How to Mortar Wash (German Schmear) a Brick Fireplace

mortar washed fireplace diy home improvement project

In this post, we will show you how to German Schmear a fireplace (also known as German Schmear). We opted to use this this technique because we were concerned that paint would not last as long.


  • Plastic or drop cloth
  • Painter’s tape
  • 2 buckets (one for mixing mortar and one for water)
  • Durable gloves
  • Mortar mix
  • Electric drill (for mixing mortar)
  • Mixing paddle
  • VersaBond White Mortar Mix
  • Putty knife (metal is preferable)
  • Heavy-duty sponge
  • Rags

Step 1:

If any of the bricks have soot on them, clean them off using Clorox Clean-Up Cleaner + Bleach spray and a rag.

Step 2:

Cover the floor and logs (or inside the firebox) with plastic because this is a messy process. We were eventually covering the tile floor with new flooring, but we still covered the floor to make cleanup easier.

Step 3:

Use painter’s tape to tape off around the crown molding, wall, and floor (anywhere the brick borders) so as not to get the mortar on the walls, floor, molding, or ceiling.

Step 4:

Mix the mortar (according to product directions) in a bucket using an electric drill and mixing paddle. Give it a few minutes to slake (again, according to the mortar mix directions).

Step 5:

Start at the top of the fireplace. Using a putty knife, apply mortar to the brick joints. Use the putty knife to smear the mortar mix on the brick. The amount of mortar you use is dependent on the look you are attempting to achieve. If you want to leave some brick exposed, then apply the mortar more sparingly and leave some brick exposed.

Because the brick on this fireplace is mostly brown, we wanted to use more mortar and not have exposed brick.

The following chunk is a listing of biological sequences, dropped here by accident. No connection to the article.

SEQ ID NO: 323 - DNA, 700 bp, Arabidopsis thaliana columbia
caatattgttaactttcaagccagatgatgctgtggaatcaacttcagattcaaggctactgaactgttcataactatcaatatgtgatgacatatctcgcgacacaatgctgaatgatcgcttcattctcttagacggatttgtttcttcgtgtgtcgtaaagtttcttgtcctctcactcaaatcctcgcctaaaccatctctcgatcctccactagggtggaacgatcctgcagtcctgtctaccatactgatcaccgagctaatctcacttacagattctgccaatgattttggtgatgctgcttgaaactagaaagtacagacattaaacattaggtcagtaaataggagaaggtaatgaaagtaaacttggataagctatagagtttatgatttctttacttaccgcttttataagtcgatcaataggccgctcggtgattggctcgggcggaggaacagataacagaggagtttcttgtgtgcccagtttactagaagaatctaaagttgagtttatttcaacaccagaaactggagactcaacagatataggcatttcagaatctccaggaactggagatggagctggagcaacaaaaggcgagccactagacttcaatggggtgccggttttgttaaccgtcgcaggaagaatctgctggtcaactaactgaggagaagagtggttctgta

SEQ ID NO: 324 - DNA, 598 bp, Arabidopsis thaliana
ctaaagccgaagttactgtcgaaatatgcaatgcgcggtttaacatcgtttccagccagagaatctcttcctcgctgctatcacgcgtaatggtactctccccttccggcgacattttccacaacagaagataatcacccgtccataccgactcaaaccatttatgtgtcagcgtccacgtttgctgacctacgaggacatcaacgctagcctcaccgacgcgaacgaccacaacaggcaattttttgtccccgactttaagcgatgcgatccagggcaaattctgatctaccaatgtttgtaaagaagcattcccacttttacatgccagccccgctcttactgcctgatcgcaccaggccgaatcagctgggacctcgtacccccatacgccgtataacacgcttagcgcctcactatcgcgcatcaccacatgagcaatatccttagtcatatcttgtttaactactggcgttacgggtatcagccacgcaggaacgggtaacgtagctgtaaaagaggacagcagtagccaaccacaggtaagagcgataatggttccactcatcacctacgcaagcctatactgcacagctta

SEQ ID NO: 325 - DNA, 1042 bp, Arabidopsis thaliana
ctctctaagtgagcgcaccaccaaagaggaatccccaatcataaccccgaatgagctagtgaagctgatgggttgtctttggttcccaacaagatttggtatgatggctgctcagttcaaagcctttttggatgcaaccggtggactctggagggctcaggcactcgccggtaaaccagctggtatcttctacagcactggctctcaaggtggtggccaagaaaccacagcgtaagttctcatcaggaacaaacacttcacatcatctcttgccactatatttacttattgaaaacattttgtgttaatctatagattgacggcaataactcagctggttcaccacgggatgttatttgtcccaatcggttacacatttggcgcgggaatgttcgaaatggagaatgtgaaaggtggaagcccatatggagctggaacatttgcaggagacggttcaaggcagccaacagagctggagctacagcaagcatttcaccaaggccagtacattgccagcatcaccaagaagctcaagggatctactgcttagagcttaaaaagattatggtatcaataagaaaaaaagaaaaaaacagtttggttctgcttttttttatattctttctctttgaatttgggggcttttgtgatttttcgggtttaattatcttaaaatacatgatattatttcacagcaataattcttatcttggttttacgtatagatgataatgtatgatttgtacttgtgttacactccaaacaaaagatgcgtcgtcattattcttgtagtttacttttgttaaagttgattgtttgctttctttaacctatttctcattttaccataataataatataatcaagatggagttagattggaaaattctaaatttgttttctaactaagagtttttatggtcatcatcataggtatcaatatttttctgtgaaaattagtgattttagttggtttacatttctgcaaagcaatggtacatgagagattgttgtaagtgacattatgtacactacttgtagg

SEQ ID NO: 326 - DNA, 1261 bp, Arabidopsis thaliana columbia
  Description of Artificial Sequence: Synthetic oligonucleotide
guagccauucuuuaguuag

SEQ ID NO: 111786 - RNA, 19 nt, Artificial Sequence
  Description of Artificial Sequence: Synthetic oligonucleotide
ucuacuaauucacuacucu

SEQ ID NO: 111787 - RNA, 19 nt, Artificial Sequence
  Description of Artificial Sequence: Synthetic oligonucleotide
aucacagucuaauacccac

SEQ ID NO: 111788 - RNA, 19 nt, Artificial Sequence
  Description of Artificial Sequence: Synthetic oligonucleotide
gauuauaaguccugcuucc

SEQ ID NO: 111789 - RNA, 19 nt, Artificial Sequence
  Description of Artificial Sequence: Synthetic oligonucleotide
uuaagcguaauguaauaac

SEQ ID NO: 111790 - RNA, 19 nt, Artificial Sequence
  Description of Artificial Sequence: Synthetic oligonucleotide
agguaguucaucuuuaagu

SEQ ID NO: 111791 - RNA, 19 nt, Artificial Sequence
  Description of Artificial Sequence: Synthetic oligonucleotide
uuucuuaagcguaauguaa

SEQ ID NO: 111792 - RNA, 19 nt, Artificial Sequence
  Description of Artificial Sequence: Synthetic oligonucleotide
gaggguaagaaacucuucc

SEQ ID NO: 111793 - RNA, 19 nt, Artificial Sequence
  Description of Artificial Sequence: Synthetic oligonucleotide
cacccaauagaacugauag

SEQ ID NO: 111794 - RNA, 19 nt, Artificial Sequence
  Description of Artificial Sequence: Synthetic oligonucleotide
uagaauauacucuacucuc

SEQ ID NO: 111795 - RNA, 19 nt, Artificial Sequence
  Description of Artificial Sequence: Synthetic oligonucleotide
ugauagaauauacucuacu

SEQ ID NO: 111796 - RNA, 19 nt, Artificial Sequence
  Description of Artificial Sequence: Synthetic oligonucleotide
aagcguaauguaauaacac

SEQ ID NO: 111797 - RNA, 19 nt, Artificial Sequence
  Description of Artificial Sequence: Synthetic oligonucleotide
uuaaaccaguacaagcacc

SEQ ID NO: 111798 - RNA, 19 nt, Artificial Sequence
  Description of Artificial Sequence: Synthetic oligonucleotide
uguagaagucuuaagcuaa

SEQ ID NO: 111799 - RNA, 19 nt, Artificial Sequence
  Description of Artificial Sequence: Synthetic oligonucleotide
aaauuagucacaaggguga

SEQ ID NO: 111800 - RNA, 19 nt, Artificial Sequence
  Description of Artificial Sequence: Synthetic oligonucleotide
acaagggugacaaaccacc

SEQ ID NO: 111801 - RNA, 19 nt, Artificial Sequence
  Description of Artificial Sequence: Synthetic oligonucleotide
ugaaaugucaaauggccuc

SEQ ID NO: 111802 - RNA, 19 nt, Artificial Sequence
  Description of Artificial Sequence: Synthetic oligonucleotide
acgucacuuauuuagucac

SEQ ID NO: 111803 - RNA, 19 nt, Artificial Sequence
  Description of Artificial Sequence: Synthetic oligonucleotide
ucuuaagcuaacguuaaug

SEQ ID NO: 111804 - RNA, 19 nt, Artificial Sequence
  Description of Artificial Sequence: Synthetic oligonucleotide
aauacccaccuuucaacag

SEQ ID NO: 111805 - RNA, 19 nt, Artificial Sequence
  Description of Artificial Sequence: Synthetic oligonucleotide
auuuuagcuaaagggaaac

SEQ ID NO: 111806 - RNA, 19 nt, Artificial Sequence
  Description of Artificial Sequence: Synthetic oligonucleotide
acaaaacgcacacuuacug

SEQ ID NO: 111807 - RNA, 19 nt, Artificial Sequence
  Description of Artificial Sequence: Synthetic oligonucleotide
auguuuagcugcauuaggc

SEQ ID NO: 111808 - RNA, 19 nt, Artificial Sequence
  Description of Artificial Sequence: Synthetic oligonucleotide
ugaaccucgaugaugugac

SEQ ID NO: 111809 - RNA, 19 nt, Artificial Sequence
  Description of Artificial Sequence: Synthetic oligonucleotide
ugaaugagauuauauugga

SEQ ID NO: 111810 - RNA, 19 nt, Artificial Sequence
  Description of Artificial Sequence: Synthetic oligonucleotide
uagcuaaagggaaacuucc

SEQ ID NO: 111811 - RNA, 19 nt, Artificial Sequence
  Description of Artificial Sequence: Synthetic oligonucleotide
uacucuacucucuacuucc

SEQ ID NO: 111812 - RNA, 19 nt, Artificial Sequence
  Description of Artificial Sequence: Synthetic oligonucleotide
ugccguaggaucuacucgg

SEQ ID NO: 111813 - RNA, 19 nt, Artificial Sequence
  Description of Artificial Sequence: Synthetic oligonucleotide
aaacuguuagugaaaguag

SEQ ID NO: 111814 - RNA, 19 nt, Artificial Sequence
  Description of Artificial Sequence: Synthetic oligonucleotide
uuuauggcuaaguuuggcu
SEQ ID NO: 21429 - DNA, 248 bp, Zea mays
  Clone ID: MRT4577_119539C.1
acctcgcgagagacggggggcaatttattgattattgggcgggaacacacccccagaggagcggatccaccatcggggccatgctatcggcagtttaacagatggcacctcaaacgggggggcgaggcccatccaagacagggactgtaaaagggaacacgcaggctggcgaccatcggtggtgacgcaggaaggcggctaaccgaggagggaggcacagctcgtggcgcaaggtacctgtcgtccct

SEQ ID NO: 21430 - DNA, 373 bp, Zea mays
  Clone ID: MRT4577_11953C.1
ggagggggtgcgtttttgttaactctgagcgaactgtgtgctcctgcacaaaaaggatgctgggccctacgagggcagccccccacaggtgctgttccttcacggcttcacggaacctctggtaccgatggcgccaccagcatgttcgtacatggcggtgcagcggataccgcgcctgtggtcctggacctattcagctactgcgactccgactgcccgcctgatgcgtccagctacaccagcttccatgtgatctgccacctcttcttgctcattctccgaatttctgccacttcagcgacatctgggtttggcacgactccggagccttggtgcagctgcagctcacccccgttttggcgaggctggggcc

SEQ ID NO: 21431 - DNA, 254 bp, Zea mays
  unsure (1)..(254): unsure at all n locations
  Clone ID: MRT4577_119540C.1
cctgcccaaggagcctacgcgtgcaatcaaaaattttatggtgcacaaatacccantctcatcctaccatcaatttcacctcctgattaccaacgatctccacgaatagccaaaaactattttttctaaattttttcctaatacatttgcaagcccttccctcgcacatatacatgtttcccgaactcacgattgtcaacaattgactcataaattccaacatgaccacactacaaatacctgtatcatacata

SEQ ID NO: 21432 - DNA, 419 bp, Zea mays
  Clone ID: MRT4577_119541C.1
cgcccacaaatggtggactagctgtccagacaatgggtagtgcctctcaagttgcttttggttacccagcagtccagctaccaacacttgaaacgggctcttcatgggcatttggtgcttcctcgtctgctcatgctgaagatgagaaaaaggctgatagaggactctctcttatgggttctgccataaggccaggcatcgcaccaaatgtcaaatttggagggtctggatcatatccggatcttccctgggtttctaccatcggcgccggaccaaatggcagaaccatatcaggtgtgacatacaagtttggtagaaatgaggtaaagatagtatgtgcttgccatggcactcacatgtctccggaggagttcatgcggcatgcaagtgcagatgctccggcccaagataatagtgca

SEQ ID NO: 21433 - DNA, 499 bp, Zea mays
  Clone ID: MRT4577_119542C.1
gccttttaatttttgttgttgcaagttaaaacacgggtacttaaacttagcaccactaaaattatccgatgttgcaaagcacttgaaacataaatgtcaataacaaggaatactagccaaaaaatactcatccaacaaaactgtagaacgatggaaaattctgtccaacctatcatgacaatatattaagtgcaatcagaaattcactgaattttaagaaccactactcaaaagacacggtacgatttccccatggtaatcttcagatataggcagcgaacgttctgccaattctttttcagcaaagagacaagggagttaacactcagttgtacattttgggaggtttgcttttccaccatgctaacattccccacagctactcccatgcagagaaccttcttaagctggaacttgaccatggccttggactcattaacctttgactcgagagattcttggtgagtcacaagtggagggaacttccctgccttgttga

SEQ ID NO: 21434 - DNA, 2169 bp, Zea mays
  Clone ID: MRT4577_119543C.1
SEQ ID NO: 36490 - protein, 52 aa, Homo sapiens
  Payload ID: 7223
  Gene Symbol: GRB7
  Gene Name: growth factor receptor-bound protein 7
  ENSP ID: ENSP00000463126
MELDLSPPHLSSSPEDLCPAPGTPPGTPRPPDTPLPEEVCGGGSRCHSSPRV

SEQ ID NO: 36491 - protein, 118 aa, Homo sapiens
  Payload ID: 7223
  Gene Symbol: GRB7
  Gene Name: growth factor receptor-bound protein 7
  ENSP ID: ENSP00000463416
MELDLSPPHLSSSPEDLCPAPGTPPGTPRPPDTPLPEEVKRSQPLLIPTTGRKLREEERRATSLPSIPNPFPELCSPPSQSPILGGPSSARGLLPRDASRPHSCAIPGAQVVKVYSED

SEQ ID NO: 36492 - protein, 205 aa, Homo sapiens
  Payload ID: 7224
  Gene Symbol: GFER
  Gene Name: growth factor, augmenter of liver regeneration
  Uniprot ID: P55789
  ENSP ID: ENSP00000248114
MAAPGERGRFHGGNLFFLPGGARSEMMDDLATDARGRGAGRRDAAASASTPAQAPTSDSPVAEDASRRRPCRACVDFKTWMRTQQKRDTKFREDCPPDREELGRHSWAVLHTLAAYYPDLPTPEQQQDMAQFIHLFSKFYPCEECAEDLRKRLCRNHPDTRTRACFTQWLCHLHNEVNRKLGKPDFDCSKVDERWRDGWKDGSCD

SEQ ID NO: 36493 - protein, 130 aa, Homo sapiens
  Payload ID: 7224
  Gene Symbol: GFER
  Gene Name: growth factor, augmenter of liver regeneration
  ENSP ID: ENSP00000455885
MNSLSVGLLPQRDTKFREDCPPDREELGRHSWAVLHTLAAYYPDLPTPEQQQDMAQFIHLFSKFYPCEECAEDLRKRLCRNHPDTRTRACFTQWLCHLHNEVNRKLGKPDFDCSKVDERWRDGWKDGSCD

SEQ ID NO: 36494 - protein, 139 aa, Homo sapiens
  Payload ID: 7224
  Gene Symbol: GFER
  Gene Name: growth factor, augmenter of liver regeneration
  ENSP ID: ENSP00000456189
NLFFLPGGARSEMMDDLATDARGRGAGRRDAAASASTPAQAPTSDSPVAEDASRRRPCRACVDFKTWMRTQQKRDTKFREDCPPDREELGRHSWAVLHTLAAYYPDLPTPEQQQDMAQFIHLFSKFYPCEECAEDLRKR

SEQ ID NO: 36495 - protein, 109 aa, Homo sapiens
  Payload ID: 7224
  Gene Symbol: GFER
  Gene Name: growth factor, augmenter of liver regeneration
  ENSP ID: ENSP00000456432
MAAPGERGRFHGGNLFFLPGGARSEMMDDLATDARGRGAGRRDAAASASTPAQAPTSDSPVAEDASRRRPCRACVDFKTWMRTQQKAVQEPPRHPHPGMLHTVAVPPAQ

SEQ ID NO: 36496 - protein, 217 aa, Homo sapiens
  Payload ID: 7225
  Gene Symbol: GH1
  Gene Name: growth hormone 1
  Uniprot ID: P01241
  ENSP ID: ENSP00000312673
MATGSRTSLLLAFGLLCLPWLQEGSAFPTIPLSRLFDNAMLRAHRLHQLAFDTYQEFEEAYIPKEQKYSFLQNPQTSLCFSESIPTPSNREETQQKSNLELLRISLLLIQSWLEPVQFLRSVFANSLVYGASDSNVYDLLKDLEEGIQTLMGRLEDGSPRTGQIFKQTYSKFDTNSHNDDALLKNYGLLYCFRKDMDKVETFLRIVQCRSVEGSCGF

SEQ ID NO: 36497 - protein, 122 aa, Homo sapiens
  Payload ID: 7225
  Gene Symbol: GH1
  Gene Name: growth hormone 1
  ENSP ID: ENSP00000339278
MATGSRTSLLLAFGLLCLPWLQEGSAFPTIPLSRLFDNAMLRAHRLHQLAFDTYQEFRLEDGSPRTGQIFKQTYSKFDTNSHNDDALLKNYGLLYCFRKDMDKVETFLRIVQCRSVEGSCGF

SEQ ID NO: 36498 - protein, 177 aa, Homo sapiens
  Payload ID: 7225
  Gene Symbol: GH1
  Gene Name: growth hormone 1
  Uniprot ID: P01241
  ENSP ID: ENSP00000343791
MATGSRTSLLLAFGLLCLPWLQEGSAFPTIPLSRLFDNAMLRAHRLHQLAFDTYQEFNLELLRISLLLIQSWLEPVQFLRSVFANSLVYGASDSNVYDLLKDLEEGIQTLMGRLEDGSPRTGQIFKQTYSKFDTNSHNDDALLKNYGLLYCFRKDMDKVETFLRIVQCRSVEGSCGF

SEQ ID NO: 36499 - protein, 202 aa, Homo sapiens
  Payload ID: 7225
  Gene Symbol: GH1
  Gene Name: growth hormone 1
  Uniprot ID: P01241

We worked in an area at a time. After we applied the mortar to a section, then I came back and wiped it down with a heavy-duty sponge to remove some of the excess mortar.

Continue applying mortar and wiping down with a sponge until completed.

Step 6:

Remove painter’s tape and clean up. Allow time to dry. We waited overnight and a few days before putting anything on the brick.

Here is the process in a quick time video. In actuality, it took about 4-5 hours to accomplish this project.

And ENJOY your updated fireplace!

Don’t forget to Pin this for future reference.

Pinterest Pin Mortar Wash German Schmear Fireplace

Let us know if you have any questions or what you think about how we German Schmeared this fireplace by commenting below.


  1. Patty on 09/05/2019 at 12:36 PM


  2. Cindy Hopper on 09/06/2019 at 2:54 AM

    How would you leave some of the brick exposed?

    • Suzanne on 09/07/2019 at 9:28 AM

      Hey Cindy,
      We thought about leaving some of the brick exposed but just did not like the brown color.
      To show more of the brick, just apply the mortar to the joints only (you can see I sort of do this and then wipe it on the face of the brick) and don’t wipe on the face of the brick. Only smear the mortar on the joints. Some will get on the face of the brick but that is ok – – part of the overall look. Go slow and get the feel for it initially. Let me know and share pictures if you do this.
      Thanks for reading our blog!

  3. Karen on 09/06/2019 at 3:28 AM

    Is the mortar white or off white?

    • Suzanne on 09/07/2019 at 9:23 AM

      It is off-white, but it initially dries more white (at least lighten than when applying) and then sort of darkens up over time. It definitely looks off-white now.
      Thanks for reading our blog! Let us know if you have any other questions.

  4. Samantha on 09/06/2019 at 8:17 AM